Ever wish you had an extra arm so you can do things like…play music better? Prepare to have your mind blown. Researchers at the Georgia Institute of Technology developed a robotic limb that gives drummers an extra hand. The “smart arm” can be strapped to a drummer’s shoulder, and…
Ever wish you had an extra arm so you can do things like…play music better? Prepare to have your mind blown.
Researchers at the Georgia Institute of Technology developed a robotic limb that gives drummers an extra hand. The "smart arm" can be strapped to a drummer's shoulder, and responds to human gestures and the music it hears.
So, for instance, when the drummer plays the high hat cymbal, the two-foot-long smart arm will play the ride cymbal. Then, when the drummer switches to the snare, the robotic arm moves over to the tom. Check it out for yourself in the video below.
"If you augment humans with smart, wearable robotics, they could interact with their environment in a much more sophisticated manner," Georgia Tech Professor Gil Weinberg (pictured above, right), who oversees the project, said in a statement. "The third arm provides a much richer and more creative experience, allowing the human to play many drums simultaneously with virtuosity and sophistication that are not otherwise possible."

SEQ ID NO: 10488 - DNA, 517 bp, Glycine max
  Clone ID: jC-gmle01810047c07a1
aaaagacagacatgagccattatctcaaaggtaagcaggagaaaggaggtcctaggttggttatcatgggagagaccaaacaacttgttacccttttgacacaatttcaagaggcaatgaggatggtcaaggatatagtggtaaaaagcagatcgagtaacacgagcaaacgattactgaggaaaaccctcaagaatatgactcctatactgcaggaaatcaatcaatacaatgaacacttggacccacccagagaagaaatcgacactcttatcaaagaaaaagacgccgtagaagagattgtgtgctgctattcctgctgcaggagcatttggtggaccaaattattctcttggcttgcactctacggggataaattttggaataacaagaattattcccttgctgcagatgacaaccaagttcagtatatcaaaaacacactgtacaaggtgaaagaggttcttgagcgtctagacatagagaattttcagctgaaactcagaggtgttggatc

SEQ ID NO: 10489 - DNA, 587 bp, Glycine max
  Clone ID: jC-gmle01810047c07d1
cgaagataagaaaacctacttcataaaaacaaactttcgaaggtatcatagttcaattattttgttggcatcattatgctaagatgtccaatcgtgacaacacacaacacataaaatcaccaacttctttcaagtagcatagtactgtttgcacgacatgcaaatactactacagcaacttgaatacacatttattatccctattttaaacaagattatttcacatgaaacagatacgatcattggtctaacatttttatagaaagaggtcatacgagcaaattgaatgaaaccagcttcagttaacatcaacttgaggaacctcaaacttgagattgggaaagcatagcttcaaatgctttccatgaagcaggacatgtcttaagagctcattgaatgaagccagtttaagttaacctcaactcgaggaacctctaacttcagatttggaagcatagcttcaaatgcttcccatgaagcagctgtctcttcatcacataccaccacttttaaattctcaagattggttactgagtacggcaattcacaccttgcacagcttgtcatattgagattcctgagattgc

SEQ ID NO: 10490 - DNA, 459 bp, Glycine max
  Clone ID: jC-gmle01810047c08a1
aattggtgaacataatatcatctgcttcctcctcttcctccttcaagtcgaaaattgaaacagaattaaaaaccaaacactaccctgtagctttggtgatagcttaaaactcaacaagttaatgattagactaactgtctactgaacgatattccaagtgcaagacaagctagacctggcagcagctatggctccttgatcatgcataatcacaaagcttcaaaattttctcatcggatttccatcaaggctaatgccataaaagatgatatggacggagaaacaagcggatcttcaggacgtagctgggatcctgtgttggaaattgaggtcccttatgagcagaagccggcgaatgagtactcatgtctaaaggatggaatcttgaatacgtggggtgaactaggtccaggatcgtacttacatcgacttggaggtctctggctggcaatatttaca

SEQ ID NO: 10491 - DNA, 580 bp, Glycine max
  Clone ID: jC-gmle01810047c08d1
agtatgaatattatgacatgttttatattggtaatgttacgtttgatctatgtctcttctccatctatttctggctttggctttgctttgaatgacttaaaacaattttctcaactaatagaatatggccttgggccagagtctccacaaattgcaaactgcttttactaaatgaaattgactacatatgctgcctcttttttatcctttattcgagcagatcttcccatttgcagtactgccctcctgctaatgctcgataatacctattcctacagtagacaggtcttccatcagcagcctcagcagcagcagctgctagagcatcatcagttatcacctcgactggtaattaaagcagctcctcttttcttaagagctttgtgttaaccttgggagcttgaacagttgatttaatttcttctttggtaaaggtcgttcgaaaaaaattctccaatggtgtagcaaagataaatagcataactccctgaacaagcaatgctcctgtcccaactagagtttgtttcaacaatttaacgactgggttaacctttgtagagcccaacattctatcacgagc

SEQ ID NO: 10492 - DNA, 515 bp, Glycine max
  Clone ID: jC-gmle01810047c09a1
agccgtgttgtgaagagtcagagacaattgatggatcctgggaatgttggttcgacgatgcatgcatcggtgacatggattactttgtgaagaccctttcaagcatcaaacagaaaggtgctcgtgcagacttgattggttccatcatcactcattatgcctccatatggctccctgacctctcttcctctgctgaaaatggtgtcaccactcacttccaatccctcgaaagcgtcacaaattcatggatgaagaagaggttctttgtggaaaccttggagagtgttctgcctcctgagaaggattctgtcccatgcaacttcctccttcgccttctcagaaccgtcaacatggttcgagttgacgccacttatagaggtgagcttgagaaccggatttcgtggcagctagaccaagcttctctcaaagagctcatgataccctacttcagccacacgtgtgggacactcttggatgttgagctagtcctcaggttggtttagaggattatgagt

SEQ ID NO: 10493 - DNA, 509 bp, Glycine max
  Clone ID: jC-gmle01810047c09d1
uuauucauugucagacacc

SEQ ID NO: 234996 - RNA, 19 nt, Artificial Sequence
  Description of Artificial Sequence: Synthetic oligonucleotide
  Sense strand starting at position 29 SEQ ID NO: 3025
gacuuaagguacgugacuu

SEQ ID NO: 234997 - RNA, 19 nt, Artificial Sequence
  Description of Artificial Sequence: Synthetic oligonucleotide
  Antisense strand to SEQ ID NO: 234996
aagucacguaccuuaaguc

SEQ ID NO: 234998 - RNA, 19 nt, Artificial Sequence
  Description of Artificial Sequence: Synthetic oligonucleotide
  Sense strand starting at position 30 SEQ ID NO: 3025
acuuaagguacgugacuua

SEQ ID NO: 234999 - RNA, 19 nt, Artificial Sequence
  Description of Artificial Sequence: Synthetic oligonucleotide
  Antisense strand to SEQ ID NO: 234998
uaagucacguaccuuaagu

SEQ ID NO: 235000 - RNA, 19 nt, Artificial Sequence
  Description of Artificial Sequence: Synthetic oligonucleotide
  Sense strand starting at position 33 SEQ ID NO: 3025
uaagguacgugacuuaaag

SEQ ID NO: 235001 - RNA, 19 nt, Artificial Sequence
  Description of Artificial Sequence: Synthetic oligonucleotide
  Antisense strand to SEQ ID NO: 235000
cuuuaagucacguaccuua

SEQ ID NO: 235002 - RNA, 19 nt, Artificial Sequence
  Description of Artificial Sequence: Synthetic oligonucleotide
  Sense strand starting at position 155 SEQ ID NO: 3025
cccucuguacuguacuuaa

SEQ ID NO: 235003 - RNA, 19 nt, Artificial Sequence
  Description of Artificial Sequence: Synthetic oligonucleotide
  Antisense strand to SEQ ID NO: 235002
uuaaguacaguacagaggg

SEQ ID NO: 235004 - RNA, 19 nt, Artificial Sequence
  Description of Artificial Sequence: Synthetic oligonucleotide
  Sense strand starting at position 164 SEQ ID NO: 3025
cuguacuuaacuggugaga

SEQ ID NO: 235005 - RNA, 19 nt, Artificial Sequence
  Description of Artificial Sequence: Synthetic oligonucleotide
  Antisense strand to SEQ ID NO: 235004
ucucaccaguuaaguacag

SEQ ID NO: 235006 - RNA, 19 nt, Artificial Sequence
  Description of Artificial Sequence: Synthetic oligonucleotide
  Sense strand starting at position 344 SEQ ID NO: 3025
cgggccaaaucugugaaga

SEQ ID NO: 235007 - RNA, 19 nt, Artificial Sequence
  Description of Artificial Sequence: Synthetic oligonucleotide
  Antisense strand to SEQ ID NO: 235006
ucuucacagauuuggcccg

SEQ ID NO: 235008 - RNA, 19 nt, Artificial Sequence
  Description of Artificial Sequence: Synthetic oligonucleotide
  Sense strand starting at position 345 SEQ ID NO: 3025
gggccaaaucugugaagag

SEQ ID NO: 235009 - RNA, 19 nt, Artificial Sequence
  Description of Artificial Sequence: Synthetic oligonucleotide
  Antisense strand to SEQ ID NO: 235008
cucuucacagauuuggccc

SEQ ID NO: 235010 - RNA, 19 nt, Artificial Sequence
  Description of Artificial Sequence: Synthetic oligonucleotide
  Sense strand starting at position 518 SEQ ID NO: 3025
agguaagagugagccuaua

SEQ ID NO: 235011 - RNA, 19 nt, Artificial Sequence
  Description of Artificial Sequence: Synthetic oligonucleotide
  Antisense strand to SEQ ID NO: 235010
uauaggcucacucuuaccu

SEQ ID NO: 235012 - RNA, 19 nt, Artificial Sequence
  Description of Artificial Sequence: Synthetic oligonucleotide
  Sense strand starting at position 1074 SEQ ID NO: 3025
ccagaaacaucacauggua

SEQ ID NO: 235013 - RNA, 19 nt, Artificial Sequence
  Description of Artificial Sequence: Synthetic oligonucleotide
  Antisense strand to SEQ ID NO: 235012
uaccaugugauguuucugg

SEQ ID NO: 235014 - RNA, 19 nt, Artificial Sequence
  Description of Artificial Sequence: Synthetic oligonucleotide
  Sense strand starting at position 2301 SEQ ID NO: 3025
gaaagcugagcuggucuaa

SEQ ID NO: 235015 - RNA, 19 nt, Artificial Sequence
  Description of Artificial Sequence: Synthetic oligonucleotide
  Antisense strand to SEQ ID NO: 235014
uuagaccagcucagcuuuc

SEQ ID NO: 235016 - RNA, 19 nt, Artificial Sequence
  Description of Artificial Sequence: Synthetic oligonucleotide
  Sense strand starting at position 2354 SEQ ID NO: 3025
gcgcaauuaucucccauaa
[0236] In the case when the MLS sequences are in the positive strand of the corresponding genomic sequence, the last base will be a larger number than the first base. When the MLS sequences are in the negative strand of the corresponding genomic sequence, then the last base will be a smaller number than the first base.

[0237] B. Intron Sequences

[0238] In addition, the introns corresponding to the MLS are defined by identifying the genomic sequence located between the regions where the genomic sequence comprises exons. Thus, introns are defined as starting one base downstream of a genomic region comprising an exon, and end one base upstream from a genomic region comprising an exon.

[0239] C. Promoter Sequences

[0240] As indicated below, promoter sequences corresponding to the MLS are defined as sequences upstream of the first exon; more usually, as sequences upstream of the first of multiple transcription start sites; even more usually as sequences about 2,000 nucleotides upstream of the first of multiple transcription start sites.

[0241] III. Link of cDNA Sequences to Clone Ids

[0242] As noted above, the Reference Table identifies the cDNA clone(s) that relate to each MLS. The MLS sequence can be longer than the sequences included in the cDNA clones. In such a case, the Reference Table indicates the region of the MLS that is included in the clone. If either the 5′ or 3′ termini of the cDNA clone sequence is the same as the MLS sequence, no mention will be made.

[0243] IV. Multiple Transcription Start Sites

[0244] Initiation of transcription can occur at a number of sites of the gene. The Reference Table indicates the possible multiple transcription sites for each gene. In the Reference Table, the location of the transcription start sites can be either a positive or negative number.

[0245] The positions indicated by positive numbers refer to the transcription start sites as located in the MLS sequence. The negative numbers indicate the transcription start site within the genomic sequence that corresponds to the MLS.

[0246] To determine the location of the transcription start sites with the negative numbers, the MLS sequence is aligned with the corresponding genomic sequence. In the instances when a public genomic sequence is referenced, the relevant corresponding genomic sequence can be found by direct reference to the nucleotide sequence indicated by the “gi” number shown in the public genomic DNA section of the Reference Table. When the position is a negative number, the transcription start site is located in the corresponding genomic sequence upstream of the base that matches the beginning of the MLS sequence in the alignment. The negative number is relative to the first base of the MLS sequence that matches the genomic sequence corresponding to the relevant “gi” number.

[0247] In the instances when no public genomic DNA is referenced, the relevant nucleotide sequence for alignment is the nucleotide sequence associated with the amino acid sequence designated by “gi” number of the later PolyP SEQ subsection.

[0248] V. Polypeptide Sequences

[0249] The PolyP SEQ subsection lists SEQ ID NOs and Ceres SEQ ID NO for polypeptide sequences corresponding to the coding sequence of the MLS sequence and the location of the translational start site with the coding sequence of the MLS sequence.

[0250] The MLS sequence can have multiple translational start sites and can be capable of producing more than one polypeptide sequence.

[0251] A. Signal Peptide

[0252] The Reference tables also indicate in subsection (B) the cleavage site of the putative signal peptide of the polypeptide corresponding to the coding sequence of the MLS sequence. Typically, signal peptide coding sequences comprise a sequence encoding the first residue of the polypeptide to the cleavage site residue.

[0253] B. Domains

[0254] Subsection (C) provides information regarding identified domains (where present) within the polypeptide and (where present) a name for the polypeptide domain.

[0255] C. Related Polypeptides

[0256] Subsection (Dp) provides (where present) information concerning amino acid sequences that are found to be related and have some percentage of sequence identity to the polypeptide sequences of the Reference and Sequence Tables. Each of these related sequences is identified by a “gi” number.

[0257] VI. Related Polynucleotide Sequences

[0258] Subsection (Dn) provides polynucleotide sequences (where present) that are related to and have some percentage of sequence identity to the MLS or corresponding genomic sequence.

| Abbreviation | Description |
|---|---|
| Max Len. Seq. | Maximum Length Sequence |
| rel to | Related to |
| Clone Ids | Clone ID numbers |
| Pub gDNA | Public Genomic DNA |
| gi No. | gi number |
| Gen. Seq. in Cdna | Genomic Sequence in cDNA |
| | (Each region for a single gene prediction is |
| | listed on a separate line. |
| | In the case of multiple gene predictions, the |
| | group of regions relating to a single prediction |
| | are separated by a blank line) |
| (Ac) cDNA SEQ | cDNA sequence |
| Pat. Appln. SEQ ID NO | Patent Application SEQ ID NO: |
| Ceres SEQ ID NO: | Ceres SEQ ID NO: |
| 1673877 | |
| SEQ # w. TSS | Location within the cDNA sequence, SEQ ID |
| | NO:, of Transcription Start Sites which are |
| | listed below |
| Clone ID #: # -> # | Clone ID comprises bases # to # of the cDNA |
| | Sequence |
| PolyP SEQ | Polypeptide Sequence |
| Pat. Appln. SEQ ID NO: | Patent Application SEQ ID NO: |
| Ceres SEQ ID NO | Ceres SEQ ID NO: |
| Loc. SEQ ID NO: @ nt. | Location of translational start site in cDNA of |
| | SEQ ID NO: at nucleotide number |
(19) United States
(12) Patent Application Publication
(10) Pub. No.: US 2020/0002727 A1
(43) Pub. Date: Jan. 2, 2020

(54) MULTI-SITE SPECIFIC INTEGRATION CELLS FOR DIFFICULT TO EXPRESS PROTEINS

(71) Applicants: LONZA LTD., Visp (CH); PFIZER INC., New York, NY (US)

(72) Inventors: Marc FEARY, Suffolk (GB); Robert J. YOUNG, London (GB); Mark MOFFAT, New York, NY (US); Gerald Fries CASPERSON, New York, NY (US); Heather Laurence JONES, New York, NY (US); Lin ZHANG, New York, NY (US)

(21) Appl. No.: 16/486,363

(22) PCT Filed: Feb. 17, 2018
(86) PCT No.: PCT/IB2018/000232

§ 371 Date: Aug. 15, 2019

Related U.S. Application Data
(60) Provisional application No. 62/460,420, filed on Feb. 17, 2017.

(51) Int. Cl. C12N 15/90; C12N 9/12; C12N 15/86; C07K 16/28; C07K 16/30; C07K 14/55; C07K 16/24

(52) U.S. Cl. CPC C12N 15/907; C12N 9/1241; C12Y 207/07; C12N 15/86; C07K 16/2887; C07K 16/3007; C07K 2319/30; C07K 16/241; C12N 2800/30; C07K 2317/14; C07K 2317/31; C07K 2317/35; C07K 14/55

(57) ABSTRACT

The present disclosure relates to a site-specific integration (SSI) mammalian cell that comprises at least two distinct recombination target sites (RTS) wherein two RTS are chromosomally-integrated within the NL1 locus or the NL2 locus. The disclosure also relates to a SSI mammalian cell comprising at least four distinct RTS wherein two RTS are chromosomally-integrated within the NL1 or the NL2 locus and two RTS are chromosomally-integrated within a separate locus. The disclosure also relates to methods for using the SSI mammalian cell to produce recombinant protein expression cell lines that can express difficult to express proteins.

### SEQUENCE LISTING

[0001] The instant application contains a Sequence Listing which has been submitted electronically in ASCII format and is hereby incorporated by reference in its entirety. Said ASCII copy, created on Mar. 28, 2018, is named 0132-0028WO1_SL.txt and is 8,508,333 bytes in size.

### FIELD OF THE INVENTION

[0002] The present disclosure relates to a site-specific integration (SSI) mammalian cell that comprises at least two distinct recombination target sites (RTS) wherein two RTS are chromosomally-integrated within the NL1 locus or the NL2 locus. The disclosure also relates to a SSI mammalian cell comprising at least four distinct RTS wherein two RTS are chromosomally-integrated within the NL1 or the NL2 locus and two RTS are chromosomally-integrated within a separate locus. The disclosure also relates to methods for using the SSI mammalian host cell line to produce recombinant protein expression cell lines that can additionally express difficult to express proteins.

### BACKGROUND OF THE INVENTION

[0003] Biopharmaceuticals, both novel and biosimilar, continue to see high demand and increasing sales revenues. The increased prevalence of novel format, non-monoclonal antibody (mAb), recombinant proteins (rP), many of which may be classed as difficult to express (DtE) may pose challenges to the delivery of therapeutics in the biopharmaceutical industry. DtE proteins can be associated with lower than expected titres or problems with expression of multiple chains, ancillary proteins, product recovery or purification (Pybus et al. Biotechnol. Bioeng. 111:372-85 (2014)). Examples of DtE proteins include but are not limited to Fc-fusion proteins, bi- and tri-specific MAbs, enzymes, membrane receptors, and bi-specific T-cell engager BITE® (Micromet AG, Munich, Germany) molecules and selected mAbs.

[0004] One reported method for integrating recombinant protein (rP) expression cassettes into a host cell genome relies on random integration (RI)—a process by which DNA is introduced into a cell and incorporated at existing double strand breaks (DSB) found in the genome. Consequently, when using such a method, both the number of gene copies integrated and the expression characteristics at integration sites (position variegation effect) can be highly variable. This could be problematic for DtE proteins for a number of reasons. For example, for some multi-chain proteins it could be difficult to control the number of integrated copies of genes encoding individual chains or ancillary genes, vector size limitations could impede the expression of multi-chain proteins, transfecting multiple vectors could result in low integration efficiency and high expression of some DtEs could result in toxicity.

The robotic arm listens to the music in the room and can actually improvise based on the beat and rhythm. If the musician is playing chilled-out beat, for example, the arm will match that tempo. Or, if the drummer starts thrashing harder, the arm will turn it up as well.
The robot arm doesn't get in the way because it's constantly monitoring its location in proximity to the drums as well as the musician's actual flesh and blood arms. The researchers also used "human motion capture technology" to ensure the arm moves naturally.
Now, Weinberg and his team are working to link the arm's movements to brain activity. They're experimenting with a so-called electroencephalogram headband that detects a drummer's brain patterns, so that one day the arm might be able to react when the musician simply thinks about changing up the tempo.
And they see this technology in the future benefiting more than just drummers.
"Imagine if doctors could use a third arm to bring them tools, supplies or even participate in surgeries," Weinberg said. "Technicians could use an extra hand to help with repairs and experiments. Music is based on very timely, precise movements. It's the perfect medium to try this concept of human augmentation and a third arm."
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